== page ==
We live in an age of being connected at all times. It is rare to be in any public setting and not see people on their smart phones, tablets, or laptops. People can’t have a dinner out, go to a movie, or even sit in traffic without being “connected.” The scary thing is, all of this connection can leave you and your family vulnerable to identity theft, email scams, bulk mailing lists, and other types of intrusions that you want to be protected from.
It’s almost a necessity to have an email address or social media account in today’s world to be able to stay in touch. But what can you do to keep your identity, your online activity, and your family secure online? Here are some ways to fly under the radar in this digital era.
Keep Passwords Private
If you save your passwords on your computer for sites you frequently visit – like your online banking site, email, or social media, you are leaving yourself susceptible to hackers who can take your information and wreak havoc. If you often use your computer on public wireless access, make sure you have the proper firewalls in place to help keep hackers at bay. Don’t save your passwords for automatic entry – manually entering your password each time may be a little more time consuming, but it could save you a lot of headache.
Be Connected Without Over Sharing
Many people tend to over share on social media sites. They share every last detail of their lives, down to when they leave and come back from the house, and where they are going when they leave. It’s one thing to use social media to keep up with family and friends, but it’s another thing altogether to share so much that people feel like they live in your house. It also could leave you susceptible to robbers, break-ins, or even sexual predators who could track your routine. If you use social media, only share photos with those you know. You can lock down your Facebook account to be very secure, by only allowing those you are friends with to see things you post. You can also protect your Twitter and Instagram accounts the same way. Social media is one case where sharing less information is more.
Look Yourself Up
Have you ever searched your own name and city on Google? It’s a good way to see what others see when they search for you online. It’s also a way to check for identity theft, online fraud, or even if there is more information out there about you that you don’t want people to know. You may be shocked and a little alarmed at what you find. I remember an incident where I looked up a friend’s address on Google as I was driving to her home the next day, and found a Google Earth image of her home that pictured her young daughter out in the yard. They had no idea. Very unsettling, but it’s the age we live in!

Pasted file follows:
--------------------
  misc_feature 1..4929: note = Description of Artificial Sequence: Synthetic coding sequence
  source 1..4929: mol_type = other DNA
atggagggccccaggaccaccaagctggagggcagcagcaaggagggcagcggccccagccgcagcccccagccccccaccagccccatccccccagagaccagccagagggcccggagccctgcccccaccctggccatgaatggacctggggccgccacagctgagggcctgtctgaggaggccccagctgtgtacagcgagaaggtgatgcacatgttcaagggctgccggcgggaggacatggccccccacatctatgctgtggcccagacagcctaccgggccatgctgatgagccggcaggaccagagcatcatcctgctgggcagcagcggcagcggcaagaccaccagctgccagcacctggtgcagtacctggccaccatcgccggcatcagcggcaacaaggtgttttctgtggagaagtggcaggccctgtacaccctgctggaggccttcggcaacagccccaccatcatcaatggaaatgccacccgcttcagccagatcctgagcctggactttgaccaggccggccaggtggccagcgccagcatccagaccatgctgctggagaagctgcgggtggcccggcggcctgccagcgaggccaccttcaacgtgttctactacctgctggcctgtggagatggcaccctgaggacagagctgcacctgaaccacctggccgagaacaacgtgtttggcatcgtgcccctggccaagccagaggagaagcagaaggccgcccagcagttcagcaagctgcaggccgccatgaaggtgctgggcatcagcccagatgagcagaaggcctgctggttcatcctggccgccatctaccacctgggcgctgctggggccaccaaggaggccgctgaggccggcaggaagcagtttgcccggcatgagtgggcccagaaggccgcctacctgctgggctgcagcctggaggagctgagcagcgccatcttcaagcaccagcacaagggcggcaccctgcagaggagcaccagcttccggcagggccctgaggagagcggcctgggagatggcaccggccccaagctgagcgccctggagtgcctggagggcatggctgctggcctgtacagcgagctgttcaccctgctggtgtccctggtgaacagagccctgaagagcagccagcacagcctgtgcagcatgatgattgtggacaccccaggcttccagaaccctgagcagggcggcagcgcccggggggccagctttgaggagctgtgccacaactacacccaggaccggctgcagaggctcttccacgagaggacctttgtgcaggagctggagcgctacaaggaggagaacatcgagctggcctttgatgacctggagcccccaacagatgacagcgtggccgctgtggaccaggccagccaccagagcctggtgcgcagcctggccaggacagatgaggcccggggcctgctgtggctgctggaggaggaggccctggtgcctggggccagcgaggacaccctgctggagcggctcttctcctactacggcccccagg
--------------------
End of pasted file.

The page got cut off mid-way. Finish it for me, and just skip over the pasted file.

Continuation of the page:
Create a “Junk Account”
If you get lots of emails from retail stores, newsletters, and other info that you don’t want cluttering up your in box, create a junk mail email address to use when signing up for email offers, special contests, or other things where you aren’t required to give credit card info. You can also unsubscribe from ones you no longer read or have been signed up for due to third party purchases of email lists.
Are Smart Phones Really a Smart Idea?
I read a statistic from 2013 that said over 90% of adult Americans have or have used a smart phone. We already know that they are the most unsecured of digital devices, and many people could have their whole life turned upside down if theirs was lost or stolen – not just due to lost pictures, but because of the amount of personal info that many people store in their phones. With a single swipe, your email, bank account or social media could be used by someone not authorized to do so, and you would be prey to all sorts of unwanted activity.
The other concern with smart phones is that there is no internet filter, so kids and teens have access to thousands and thousands of porn sites in the palm of their hand. A dangerous thing, if you ask me. Think about if you and your family really need smart phones – you may find that you really don’t. Trade them in for a basic phone model that calls and sends text messages, and leave the internet on the computer, not in your purse.
These are just a few of the ways to fly under the digital radar. With these simple steps, you can lead a less connected (but probably more fulfilling) life!